Registering Your Business Name

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In most states, a person or business entity transacting business in the state under a name other than their own “true name” must register that business name with the county clerk or secretary of state’s office as a fictitious name or “doing business as” (dba) registration. For a sole proprietorship or partnership, a business name is generally considered “fictitious” unless it contains the full name (first and last name) of the owner or all of the general partners, and does not suggest the existence of additional owners. Generally, using a name which includes words like “company,” “associates,” “brothers,” or “sons,” will suggest additional owners and will make it necessary for the business to file. Depending on the state in which you live, you may or may not have to register your name if you add a word such as “inventions,” “innovations,” or “technology.”

If you fail to register, you’ll have all sorts of problems. For example, you may not be able to open a business bank account. You also may be barred from suing on a contract signed with the name. There is usually a time limit on when you must register -- often a month or two after you start business.

How to Register

To register, you usually file a certificate with the county clerk (most likely at your county courthouse) stating that you are the one doing business under that name. In many states, you must publish the statement in a local newspaper. This is intended to help creditors identify the person behind an assumed business name, supposedly to track down those people who are in the habit of changing their business names to confuse and avoid creditors. Some states also require you to pay additional fees, or to file the statement with the state department of revenue or some other state agency.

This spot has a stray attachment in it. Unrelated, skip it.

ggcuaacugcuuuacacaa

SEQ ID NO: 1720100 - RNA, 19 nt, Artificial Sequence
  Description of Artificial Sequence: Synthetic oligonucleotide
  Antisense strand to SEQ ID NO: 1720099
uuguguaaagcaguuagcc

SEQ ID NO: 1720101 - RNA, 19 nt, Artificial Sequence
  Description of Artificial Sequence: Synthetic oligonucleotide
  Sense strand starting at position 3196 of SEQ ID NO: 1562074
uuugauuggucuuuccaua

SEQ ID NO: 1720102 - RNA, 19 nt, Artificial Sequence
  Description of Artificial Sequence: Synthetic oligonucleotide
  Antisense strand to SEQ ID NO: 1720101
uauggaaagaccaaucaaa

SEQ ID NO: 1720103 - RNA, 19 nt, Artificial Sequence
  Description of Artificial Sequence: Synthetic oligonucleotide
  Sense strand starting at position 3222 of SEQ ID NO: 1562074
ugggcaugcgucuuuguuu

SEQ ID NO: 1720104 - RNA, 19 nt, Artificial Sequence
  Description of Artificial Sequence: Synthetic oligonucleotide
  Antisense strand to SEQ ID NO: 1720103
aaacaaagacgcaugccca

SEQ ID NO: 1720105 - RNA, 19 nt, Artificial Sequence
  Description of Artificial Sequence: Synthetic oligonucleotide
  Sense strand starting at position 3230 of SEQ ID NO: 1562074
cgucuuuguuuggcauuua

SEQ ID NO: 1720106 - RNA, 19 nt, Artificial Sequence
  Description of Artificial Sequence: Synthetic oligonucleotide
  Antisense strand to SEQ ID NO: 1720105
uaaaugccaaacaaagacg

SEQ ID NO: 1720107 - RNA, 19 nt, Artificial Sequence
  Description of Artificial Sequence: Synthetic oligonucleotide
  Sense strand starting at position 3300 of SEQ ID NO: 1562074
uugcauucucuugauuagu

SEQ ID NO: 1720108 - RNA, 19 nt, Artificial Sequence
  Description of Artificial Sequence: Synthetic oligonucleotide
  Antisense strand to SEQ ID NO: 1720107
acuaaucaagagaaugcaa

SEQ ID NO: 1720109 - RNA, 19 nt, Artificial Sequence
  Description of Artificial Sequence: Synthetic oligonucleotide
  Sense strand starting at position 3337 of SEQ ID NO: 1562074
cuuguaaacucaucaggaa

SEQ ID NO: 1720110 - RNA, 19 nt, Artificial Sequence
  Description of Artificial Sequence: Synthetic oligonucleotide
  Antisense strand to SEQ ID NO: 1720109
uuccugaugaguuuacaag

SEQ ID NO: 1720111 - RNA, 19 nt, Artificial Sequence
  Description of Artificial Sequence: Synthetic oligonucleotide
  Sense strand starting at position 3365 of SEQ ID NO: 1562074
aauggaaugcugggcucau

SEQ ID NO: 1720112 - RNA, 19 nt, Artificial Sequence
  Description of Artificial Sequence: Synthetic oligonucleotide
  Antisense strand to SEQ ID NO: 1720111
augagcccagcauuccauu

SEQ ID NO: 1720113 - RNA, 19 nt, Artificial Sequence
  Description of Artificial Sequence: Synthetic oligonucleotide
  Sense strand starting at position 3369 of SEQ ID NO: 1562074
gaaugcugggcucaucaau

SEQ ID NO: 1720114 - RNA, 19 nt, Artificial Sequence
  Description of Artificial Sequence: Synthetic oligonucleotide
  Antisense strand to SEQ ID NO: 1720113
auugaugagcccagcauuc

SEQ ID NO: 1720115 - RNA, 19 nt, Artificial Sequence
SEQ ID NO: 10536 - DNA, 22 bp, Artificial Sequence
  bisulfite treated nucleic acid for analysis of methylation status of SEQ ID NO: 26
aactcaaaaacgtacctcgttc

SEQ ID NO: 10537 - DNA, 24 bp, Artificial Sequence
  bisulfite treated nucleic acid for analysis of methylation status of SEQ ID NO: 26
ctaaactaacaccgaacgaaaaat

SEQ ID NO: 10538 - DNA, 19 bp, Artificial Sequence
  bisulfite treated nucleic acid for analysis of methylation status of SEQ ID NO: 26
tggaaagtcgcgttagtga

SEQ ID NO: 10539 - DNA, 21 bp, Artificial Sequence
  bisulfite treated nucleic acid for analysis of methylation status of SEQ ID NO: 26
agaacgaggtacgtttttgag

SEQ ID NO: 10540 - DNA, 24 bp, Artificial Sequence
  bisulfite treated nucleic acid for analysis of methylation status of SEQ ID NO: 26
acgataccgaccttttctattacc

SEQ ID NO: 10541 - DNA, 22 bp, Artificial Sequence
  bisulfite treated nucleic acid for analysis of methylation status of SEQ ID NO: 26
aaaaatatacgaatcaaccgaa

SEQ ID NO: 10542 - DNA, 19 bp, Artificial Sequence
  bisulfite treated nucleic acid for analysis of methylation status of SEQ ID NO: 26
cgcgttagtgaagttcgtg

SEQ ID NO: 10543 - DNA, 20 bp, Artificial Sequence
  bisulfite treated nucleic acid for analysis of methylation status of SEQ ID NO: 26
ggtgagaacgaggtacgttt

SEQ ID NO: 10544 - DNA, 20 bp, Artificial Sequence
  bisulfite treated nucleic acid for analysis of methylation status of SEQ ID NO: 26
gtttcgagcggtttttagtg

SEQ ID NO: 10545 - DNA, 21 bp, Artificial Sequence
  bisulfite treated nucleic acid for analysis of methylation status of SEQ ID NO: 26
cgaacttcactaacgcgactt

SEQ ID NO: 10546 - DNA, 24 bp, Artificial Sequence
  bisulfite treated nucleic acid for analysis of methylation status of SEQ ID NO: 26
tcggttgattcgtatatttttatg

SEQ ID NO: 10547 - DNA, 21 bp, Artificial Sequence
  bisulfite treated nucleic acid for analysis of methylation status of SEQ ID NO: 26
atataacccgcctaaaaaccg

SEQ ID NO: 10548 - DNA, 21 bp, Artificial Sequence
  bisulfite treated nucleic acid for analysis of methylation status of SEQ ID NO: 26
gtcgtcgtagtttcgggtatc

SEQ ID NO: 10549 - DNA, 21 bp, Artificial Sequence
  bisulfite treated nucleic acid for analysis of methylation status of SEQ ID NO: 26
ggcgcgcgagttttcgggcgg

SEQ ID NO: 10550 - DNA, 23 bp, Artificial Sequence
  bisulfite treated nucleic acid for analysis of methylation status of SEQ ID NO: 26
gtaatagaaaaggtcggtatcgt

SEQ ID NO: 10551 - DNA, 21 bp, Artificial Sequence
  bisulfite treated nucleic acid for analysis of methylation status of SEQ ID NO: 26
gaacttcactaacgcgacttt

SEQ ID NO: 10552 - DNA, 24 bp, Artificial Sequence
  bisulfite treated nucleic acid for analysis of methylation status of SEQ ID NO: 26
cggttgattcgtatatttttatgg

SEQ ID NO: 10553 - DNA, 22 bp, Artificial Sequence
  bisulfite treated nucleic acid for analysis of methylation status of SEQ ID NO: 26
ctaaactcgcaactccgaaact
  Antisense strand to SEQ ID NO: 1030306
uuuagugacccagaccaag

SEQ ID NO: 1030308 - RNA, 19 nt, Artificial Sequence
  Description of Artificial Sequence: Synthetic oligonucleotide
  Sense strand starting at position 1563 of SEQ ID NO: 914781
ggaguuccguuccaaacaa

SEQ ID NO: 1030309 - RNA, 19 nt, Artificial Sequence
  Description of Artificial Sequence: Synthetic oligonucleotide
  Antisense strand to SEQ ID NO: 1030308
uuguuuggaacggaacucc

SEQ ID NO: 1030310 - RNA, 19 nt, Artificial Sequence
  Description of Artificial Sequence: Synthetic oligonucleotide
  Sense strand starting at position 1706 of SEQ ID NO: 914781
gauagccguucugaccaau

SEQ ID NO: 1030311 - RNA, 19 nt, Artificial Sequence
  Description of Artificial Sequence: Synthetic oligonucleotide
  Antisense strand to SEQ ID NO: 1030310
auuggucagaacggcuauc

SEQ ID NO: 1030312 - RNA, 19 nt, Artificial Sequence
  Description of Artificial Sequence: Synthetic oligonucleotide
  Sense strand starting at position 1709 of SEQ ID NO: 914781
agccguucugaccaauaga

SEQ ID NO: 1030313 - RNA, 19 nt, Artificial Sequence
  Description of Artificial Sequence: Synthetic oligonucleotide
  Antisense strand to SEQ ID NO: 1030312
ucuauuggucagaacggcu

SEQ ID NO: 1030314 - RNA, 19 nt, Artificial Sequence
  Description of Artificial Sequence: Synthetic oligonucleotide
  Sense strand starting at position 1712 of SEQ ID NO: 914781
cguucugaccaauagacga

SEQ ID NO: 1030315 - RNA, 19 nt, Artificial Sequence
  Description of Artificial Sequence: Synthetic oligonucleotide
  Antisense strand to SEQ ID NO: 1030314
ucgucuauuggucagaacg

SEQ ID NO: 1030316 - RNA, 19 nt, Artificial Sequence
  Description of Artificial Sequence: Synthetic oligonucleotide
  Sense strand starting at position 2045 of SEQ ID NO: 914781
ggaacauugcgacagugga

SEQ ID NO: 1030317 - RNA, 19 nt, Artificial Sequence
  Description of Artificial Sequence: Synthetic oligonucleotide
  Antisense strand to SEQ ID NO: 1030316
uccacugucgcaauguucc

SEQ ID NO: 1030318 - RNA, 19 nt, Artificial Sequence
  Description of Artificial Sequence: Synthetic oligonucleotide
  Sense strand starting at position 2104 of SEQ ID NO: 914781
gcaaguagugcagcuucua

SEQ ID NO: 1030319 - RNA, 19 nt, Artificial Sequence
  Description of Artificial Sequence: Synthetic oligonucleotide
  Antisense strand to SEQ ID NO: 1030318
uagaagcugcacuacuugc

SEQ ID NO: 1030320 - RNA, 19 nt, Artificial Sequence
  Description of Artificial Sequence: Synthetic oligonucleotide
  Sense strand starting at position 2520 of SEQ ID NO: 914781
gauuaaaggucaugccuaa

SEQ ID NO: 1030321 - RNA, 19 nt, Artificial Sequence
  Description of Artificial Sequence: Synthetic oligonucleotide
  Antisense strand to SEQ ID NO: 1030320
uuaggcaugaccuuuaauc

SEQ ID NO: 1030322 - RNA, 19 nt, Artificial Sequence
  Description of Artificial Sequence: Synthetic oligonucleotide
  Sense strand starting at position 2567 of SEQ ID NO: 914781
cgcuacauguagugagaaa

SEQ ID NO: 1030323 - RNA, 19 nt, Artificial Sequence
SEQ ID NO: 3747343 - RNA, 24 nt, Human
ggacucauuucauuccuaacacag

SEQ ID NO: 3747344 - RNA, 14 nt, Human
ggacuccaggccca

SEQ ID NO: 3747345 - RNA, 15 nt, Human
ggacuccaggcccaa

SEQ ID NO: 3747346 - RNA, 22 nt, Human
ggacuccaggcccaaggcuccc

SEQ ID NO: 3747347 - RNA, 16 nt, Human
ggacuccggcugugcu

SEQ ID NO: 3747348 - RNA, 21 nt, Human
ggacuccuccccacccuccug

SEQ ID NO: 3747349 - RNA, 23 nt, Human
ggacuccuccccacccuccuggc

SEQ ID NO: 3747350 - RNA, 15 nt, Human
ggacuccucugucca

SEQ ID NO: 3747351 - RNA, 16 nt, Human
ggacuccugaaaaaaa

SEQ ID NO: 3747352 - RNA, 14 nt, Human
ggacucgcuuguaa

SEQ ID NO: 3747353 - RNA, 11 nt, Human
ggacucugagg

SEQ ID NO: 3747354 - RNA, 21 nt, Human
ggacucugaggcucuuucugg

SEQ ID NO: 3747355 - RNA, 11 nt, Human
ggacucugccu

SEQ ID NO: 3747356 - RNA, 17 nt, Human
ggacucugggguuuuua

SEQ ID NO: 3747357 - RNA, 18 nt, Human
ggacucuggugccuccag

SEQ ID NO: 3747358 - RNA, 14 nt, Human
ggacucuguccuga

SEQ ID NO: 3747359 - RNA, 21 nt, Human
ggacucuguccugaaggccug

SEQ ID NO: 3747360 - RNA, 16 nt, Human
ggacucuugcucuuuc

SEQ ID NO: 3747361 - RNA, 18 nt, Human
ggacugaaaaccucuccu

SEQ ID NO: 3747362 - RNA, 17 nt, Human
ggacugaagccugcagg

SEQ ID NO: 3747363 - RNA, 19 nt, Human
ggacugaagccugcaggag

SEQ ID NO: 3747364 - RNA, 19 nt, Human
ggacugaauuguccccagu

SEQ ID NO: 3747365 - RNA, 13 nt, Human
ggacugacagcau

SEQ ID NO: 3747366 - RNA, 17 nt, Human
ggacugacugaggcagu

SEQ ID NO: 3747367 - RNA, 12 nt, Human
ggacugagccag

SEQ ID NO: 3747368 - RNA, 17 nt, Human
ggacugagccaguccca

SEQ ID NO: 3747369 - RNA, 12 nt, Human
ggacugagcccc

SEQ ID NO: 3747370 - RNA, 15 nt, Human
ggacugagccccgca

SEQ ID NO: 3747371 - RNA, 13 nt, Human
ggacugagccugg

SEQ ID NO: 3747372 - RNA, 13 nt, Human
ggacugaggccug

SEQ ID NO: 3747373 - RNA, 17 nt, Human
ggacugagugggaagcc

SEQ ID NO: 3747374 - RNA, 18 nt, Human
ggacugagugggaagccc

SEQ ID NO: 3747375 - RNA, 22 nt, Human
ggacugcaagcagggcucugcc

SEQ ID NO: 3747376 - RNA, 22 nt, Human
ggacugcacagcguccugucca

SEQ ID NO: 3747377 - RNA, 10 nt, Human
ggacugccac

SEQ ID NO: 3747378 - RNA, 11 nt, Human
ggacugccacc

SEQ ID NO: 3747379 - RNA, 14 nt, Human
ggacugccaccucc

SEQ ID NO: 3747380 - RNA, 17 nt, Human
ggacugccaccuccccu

Contact your county clerk and ask about the registration requirements in your locale. You’ll have to fill out a simple form and pay a fee -- usually between $15 and $50. The county clerk will normally check to see if any identical or very similar names have already been registered in the county. If so, you’ll have to use another name. In most counties, you can check to see if anyone is using a similar name in your county before you attempt to register -- either by doing a search of the county clerk’s records at its office, calling the clerk, mailing in a request or using the clerk’s website.

No Trademark Protection

State and federal trademark laws protect the right to exclusively use a name, logo or any device that identifies and distinguishes products or services. A good example of a trademark is the Nike name and the distinctive swoosh logo. If a competitor uses this trademark, Nike can obtain a court injunction and monetary damages.

It’s important to understand that registering a legal or trade name by filing a fictitious business name or similar document (or registering a corporate or LLC name) does not make your name a trademark. Such registration gives you no ownership rights in the name in the sense of preventing others from using it. If someone else is the first to use your name to identify a product or service to the public, it doesn’t make any difference whether you or they have previously registered it as an assumed or corporate or LLC name. They will still have the right to exclusive use of the name in the marketplace.

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